It’s all quite scientific, let me assure you. Yeah.

I couldn’t really notice a different in the edge lens distortion from the pics.  Here’s a comparison of the square from the middle, you can see there really is less screen-door effect now though.

Pics are from Skyrim VR

My NVidia 1080ti seems to run content at the same FPS as the old Vive, so so no real downside to the switch I guess.  It seems about equally as comfortable as the original Vive, that is to say, extremely uncomfortable.

4/24 2018 Update: HTC has announced an “aimed at the enterprise” $1399 Vive Pro full kit that includes the new 2.0 base stations and controllers, which in theory will offer better tracking and huge spaces.  A word of warning – unless they just started shipping with a new cable, the Vive Pro cable is the same length as the Vive, meaning larger spaces wouldn’t do you much good until the wireless addon is released later this year. (?)

Funeral Quest (the multiplayer funeral parlor simulation) is now downloadable and free

The rumors of Funeral Quest’s death have been greatly… true

It’s been nearly five years since any would-be undertaker has graced its halls.  In 2013 the old XP machine that was running the only FQ server in the world was decommissioned – and that was that, a game like no other silently departed with nary a single youtube video left in remembrance.

I wrote it in 2001 it was to see if a BBS door-like financial structure could make sense in a modern web environment.

I charged $99 (I think?) a year for the enterprising admin (or, a SysOp if you prefer…)  to run their own FQ server which they could customize.  It was free for players.

Example of customizable data. I still use LORD color codes everywhere. (I’m pretty sure Greg Smith wrote this event btw…):

message|"It's like a stabbing ... but different," comments the coroner's office.
give_random|`wThe phone rings - It's Golden Oaks Retirement Home.\n\n`$"We've got some bodies for you..."
add_log|`7FUNERAL HOME CHOSEN\n`^Golden Oaks Retirement Home has announced that *NAME* from *HOME* will be hosting services for the recently departed.

Did the grand experiment work?

Well, no.  In retrospect it’s pretty obvious why: why would anyone need to run their own server when calling areas and zip codes no longer exist?  Why would anyone care that they could make a customized version of something so niche as a “funeral parlor simulator”?

The flash login screen. It somehow works perfectly in the latest version of Chrome!  For now…

For some reason I made the server contain a complete HTTP server and run under Windows.  Makes it really easy to setup and use but .. yeah, not  how I’d do it today.

Despite all that, I’m extremely proud of Funeral Quest and have been wanting to repackage a full version with all of the licensing related limitations ripped out for a while. (As I did with Dink Smallwood HD earlier this year)

Well, I finally found the time so here it is.  If anybody actually sets up a working public game of FQ let me know and I’ll help get the word out.  Check the FQ forums if you have problems or questions.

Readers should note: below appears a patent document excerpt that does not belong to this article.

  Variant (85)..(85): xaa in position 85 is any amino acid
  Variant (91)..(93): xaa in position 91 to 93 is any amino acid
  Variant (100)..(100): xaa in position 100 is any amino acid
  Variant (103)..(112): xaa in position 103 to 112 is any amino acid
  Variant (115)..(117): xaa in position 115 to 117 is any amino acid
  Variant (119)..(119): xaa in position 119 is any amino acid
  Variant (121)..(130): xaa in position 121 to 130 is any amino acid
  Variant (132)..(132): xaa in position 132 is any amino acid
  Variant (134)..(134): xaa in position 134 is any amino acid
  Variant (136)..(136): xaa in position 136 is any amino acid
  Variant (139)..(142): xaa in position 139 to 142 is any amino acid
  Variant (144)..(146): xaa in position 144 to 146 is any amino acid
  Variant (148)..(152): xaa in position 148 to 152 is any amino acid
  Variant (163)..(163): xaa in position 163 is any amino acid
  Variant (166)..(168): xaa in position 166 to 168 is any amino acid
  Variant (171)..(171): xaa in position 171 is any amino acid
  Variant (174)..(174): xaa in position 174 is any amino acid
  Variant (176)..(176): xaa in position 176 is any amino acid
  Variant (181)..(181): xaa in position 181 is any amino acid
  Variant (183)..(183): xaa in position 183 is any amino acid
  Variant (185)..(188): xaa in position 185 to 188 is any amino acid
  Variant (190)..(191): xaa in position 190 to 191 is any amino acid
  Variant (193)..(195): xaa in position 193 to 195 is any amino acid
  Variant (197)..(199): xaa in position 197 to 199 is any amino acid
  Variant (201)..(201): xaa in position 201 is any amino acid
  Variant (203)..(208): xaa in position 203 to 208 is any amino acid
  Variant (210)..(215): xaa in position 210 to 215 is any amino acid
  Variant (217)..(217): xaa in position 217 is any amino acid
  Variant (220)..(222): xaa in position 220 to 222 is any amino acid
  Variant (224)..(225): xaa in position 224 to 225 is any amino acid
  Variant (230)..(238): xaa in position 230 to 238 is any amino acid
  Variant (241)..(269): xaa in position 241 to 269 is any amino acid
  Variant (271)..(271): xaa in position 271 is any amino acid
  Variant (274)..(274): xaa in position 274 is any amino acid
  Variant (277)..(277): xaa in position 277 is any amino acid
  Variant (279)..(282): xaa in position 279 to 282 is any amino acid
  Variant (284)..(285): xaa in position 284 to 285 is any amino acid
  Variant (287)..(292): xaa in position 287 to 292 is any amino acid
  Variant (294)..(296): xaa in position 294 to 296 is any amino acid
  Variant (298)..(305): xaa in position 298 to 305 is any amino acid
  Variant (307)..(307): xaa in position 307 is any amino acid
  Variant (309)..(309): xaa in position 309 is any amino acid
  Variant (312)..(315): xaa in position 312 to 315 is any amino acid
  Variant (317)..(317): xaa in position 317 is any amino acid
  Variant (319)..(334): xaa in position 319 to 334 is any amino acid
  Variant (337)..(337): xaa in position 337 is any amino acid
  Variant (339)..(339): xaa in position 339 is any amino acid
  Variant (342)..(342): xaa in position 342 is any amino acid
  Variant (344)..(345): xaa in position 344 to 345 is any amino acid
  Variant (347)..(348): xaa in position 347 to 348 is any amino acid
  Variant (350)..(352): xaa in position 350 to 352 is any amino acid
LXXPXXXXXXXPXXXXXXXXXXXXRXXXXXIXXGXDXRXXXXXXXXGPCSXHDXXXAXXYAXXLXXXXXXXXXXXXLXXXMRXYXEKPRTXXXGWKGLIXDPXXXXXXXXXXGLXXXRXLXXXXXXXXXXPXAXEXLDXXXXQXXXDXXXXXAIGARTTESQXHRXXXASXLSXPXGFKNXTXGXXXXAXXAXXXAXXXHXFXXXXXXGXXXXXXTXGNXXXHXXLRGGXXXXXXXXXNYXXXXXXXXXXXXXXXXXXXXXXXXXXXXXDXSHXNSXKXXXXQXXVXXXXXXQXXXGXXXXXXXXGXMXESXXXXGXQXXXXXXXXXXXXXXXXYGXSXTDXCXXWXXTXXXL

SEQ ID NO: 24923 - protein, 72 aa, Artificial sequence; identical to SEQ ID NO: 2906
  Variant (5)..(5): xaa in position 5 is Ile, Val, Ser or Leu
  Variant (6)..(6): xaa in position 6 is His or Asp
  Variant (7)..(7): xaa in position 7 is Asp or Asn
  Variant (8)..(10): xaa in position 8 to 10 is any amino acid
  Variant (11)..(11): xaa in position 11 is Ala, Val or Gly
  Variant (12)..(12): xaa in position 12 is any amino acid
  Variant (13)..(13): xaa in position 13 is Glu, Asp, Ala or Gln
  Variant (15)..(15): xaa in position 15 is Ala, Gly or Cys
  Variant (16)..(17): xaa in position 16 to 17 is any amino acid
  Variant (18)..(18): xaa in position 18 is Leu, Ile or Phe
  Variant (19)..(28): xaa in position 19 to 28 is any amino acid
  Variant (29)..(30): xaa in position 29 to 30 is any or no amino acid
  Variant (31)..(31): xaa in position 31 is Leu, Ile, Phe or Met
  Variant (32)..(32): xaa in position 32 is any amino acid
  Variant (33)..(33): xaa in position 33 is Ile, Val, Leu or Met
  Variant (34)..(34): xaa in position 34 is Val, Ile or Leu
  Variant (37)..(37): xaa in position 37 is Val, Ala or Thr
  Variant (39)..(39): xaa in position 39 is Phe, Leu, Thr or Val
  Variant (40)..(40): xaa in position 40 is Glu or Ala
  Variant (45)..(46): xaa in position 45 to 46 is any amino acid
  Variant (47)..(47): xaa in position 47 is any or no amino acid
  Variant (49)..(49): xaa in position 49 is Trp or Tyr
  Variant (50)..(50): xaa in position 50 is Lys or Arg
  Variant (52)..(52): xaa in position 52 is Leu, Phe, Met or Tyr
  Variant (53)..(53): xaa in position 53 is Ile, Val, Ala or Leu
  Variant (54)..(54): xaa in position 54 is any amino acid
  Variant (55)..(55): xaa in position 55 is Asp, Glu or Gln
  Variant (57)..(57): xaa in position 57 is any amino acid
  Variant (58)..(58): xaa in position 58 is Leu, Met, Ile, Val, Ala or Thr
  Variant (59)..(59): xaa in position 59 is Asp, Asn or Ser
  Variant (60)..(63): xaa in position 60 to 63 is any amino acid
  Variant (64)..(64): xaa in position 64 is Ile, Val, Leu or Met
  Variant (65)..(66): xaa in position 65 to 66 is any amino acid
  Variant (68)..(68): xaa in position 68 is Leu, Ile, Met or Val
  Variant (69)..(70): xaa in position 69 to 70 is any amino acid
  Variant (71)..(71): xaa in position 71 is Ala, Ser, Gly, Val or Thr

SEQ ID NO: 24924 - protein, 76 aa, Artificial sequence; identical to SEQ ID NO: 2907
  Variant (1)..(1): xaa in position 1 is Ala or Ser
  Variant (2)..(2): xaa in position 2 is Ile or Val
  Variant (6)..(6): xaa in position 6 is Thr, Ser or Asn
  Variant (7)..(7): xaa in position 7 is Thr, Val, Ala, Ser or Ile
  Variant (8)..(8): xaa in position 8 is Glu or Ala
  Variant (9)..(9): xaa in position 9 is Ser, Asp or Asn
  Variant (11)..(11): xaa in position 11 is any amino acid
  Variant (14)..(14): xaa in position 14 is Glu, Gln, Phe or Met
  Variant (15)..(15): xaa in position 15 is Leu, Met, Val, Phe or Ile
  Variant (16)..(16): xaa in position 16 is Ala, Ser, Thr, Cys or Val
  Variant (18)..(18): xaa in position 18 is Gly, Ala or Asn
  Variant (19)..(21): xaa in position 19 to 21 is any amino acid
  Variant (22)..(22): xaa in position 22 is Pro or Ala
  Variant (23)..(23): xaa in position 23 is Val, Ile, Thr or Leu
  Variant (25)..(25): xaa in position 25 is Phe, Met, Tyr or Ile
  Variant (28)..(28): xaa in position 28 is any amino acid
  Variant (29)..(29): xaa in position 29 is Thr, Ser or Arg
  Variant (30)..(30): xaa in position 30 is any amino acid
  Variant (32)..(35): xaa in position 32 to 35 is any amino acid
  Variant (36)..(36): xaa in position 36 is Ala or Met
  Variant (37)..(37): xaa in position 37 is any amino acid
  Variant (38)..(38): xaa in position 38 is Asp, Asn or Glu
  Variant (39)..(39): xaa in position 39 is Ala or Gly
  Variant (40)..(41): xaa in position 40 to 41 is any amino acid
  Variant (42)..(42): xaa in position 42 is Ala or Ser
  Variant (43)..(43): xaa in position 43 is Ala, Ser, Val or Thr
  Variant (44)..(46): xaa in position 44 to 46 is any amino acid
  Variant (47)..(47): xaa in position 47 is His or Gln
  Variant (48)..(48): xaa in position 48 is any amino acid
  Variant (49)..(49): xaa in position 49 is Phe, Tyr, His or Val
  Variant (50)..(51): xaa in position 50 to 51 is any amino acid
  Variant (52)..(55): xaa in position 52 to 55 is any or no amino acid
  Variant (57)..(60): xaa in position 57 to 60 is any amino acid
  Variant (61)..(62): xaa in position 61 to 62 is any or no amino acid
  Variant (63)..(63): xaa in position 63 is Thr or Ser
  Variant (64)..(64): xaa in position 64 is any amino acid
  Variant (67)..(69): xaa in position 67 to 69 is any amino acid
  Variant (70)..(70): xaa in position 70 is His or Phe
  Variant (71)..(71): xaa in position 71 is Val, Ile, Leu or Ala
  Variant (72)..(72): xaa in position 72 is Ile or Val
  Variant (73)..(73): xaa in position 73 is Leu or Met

Funeral Quest Server free version (this is all you need to run your own FQ game)

Funeral Quest Flash Source (full flash source for the client part, not required)

The readme file inside:

Funeral Quest
Copyright 2001: Robinson Technologies, all rights reserved

The "should have been released for free eons ago" final free release

Released 3/28 2018
This is a special version of the Funeral Quest server that has been modified to no longer need a license, it's the "full version" so to speak.

It can be used to play the game locally or run a real server so hundreds of people can play together.


* This version has a few stability fixes since the official last release, I think
* I was nicely surprised that in my local testing (clicking the Logon 1 button) the game seemed to work fine on current versions of both Chrome and Firefox's Flash, if the FQ port remains on the default of 80, anyway. However, who knows what will happen on a real server...
* Run FQServer/fqserver.exe to start the server. Note that when minimized it runs as a tray app, so if it disappeared, check your system tray.

Problems or questions? Check out the official Funeral Quest forums:

Big thanks to FQ fans and sorry I didn't release this sooner. If you actually get it running and want the full C++ source code in all its MSVC2005 MFC glory, let me know, can probably do that.

-Seth A. Robinson (

Some random screenshots of FQ (some are of the server, and some a browser playing it)

The entire server (which includes its own HTTP server, text to speech notifications, GUI front end) + all Flash client files is less than 1.5 MB zipped

Akiko did all the artwork in Funeral Quest

Many game texts could be customized. A powerful C style scripting language with variable passing and functions was also available. (It’s the same scripting engine that was in Teenage Lawnmower)

It takes skill to read your customers. Training in psychology makes more information about their mood and feelings available.

Maybe now FQ can truly rest in peace.